The final month of the final year of the decade. How did we get here??? Time is an illusion, but the enjoyment you get from movies is real. Dig it! With that, here is everything I watched in this month.
I’m trying to remember the first time I saw this film and I have a vague recollection of seeing it on TBS when I was in middle school. I do know that when I was a freshman or sophomore in high school one of my teachers showed it and we had an in-depth discussion of the film’s themes (well, as in-depth as you can in a podunk small town high school class filled with asshole 14 years old – I include myself in that description). A lot of what I’ll write about here is based on that discussion of the film, actually. I guess it was sophomore year because I think it was the class where the teacher who normally taught geography/history had to take over our English class, so mostly instead of reading books we watched films and discussed them. It was kind of a wonderful class if memory serves. At least, for me it was, because, well, movies. Dead Poets Society was nominated for four Academy Awards, winning one: Best Original Screenplay (won), Best Actor Robin Williams, Best Director and Best Picture. The other films nominated for Best Picture that year were Born on the Fourth of July, Field of Dreams, My Left Foot and winner Driving Miss Daisy.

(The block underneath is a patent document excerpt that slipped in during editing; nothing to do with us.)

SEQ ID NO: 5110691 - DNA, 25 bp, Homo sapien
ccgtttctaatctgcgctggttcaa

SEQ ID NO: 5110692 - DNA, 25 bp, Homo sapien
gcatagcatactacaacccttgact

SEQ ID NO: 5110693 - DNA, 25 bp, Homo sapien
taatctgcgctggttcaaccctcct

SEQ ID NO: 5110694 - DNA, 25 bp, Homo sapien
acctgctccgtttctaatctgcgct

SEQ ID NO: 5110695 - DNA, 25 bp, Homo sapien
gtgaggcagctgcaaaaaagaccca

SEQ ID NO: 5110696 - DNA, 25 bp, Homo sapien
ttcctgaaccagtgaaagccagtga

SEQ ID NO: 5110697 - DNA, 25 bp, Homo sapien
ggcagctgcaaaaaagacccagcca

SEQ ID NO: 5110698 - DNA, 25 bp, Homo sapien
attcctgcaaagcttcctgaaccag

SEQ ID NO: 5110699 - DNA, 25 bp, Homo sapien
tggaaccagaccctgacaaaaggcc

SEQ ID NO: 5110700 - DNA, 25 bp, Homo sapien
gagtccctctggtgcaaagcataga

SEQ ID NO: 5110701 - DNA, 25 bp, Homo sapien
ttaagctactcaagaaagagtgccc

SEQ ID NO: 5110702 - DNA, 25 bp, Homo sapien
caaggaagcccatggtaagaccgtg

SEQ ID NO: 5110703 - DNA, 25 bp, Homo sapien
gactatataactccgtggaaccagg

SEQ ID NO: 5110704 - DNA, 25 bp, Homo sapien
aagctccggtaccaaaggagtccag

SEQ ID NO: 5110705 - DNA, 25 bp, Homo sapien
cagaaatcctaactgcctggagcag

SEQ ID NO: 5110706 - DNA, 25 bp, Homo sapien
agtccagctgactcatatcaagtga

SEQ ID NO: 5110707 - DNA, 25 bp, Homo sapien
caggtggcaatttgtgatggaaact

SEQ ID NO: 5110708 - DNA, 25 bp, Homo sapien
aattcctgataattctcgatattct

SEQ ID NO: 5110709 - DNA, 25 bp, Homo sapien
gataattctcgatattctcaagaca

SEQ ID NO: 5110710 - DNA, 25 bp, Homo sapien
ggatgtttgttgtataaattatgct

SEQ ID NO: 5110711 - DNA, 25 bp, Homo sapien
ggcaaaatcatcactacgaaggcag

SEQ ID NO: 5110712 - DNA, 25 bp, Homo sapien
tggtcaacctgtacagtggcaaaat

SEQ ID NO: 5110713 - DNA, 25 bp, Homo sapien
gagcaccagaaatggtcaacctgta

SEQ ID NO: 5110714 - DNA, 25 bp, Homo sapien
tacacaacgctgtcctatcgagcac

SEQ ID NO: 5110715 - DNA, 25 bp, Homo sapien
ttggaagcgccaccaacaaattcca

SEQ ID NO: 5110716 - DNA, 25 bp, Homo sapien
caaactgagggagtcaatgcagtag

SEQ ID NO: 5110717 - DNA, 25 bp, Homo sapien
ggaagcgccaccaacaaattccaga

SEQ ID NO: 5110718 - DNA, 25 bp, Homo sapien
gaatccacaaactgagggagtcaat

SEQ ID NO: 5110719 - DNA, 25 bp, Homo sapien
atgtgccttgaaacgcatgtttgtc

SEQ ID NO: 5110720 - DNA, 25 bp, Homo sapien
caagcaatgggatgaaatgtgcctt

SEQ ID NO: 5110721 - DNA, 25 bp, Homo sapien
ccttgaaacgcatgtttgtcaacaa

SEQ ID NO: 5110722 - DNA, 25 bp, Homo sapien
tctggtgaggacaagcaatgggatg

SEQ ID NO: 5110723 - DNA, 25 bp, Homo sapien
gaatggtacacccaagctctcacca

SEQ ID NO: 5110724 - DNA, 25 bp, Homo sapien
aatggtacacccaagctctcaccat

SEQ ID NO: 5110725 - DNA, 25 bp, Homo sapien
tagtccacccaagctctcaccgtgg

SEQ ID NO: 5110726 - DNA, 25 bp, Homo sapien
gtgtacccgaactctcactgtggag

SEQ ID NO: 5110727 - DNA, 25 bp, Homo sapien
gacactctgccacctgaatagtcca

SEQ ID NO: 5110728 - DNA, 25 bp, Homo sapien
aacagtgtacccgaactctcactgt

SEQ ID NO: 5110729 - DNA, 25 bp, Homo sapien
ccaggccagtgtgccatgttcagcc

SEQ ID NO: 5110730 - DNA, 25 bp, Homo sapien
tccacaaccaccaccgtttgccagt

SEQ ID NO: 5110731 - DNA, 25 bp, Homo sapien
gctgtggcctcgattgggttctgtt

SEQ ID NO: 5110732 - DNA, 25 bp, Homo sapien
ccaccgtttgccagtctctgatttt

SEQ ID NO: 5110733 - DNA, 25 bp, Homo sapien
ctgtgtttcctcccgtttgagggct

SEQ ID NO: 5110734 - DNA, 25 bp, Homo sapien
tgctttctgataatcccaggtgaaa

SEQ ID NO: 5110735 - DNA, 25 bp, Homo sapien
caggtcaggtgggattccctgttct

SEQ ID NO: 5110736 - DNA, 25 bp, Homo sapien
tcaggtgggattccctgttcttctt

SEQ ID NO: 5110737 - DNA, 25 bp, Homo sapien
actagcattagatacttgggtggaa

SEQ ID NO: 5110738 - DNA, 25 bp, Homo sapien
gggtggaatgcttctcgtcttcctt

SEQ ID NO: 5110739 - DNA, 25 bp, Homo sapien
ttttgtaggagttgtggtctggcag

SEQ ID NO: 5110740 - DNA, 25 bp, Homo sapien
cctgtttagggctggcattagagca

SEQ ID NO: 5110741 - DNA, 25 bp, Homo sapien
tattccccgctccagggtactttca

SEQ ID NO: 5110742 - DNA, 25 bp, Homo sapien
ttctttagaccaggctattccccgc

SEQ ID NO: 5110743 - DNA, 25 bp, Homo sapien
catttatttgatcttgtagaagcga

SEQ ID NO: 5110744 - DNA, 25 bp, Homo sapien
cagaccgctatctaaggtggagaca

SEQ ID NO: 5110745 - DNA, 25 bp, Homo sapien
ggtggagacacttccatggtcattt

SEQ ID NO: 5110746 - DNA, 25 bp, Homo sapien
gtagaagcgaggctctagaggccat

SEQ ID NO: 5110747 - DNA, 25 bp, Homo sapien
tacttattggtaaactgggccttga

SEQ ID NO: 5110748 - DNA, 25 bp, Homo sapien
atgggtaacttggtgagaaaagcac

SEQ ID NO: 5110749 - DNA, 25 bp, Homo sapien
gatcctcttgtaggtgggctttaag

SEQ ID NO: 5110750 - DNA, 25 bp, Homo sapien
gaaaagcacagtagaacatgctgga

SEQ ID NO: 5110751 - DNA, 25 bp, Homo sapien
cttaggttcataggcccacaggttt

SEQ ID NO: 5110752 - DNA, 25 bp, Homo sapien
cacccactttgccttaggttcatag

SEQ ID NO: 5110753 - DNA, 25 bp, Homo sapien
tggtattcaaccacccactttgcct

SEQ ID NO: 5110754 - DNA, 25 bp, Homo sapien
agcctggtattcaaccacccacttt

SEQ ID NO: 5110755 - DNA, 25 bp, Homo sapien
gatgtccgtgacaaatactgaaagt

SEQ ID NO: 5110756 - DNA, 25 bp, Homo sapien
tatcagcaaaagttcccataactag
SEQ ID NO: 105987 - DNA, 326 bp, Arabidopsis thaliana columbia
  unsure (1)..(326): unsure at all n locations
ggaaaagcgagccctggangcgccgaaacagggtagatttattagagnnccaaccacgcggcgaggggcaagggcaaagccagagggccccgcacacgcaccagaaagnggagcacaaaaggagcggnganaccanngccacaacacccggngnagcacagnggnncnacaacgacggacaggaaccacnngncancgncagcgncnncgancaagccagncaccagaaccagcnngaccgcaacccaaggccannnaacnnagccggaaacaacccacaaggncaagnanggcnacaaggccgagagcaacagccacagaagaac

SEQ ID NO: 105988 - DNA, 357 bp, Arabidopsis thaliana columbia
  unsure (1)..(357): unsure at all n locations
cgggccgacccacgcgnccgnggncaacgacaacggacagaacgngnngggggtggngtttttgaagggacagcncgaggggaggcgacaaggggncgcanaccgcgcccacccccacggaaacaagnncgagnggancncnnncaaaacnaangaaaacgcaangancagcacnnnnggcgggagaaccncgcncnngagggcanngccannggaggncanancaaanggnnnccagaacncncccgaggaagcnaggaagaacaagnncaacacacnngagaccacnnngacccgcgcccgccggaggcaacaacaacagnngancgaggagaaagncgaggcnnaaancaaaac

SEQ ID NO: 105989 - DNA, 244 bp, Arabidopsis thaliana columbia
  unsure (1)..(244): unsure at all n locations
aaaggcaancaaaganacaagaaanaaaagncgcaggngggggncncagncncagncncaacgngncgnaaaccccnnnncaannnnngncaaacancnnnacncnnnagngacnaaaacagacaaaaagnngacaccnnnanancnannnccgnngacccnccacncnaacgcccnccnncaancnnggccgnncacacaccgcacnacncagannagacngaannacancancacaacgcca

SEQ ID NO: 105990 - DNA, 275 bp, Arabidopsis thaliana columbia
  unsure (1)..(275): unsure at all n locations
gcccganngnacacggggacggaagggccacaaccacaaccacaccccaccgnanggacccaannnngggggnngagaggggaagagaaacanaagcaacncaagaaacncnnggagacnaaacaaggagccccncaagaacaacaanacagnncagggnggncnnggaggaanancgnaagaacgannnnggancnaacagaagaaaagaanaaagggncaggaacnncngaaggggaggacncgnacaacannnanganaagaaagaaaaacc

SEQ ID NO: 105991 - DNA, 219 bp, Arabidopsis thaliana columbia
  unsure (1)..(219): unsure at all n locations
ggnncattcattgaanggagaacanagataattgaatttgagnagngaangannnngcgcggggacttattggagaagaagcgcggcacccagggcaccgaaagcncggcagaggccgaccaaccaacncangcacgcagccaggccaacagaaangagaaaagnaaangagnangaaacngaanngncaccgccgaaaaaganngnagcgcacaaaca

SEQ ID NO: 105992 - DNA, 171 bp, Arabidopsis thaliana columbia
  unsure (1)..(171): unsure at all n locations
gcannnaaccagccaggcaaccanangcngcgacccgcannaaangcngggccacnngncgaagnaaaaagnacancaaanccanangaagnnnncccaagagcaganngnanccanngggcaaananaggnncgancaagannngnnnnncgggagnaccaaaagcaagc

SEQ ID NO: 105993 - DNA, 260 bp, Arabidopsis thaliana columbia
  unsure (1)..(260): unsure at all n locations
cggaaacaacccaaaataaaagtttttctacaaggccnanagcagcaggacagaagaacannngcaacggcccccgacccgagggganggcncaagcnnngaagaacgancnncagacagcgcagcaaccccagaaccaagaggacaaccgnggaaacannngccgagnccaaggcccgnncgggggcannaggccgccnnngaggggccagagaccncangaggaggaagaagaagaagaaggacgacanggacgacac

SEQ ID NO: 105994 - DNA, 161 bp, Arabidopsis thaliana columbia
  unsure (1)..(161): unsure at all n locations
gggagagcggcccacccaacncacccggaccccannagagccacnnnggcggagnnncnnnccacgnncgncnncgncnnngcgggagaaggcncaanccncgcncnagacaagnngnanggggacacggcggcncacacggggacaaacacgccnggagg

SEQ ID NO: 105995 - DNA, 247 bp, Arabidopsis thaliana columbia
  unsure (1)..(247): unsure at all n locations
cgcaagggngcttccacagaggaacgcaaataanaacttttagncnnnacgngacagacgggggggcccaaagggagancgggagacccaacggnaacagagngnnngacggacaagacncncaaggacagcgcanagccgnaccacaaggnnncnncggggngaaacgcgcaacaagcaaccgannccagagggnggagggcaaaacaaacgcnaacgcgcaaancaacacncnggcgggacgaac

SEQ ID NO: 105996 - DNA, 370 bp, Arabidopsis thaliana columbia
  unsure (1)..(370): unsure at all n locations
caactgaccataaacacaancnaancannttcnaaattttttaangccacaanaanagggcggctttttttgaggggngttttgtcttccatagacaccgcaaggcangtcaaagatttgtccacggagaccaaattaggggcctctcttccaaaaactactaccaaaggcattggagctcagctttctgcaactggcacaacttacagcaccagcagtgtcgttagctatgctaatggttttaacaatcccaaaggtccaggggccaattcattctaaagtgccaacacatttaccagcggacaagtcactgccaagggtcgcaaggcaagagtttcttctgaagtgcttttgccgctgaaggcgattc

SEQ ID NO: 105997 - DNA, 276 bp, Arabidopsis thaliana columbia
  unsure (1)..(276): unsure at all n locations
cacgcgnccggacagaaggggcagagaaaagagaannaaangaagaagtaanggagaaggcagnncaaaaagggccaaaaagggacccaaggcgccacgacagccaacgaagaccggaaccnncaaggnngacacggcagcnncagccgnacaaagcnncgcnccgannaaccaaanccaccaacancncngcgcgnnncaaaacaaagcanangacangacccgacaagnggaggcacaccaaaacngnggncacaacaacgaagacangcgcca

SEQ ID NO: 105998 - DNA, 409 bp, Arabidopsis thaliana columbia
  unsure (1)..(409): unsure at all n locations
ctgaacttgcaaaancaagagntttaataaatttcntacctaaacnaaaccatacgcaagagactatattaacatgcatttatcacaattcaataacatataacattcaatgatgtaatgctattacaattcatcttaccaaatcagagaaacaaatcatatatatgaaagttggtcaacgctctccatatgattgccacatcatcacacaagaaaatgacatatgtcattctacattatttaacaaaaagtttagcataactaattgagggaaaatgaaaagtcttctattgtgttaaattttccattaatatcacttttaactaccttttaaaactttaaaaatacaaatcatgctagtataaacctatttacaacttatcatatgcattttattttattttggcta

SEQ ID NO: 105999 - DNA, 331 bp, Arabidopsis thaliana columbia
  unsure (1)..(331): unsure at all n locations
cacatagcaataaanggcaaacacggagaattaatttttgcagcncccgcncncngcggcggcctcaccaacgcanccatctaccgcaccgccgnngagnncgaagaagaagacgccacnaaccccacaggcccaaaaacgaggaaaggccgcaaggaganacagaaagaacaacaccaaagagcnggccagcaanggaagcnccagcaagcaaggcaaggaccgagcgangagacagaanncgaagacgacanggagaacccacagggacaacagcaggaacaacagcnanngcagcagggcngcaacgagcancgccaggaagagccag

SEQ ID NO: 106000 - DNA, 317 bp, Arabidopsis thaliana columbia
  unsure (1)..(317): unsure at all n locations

Here’s the story from AP:
Troubled video-rental chain Blockbuster Inc. could file for bankruptcy protection as early as Wednesday, according to a Wall Street Journal article.
Citing unnamed sources, the Journal said Blockbuster is working with creditors to develop a bankruptcy restructuring plan that would free it of debt and allow the company to keep some stores open and focus more on digital distribution.
If Blockbuster misses an interest payment on Sept. 30, more than $900 million in debt will be due in full.
The article says billionaire investor Carl Icahn owns one-third of Blockbuster’s debt and would return to the company’s board once it exits Chapter 11. He resigned from the board in January.
Blockbuster and Icahn did not return calls for comment.
Once a home entertainment powerhouse, Blockbuster, based in Dallas, has been losing market share for years as more consumers switch to video subscription services like Netflix Inc., video on demand services and curbside rentals such as Redbox.
Blockbuster peaked at about 9,100 stores in 2004, but it has since shut many to cut costs and is down to about 5,800 as of August. In the same period, Netflix membership has grown from 2.6 million to about 15 million.
I grew up in the middle of nowhere, so to be honest I don’t know that I’ve ever even been in a Blockbuster. I also am a huge fan of Netflix. Still, it’s sad to see the end of an era.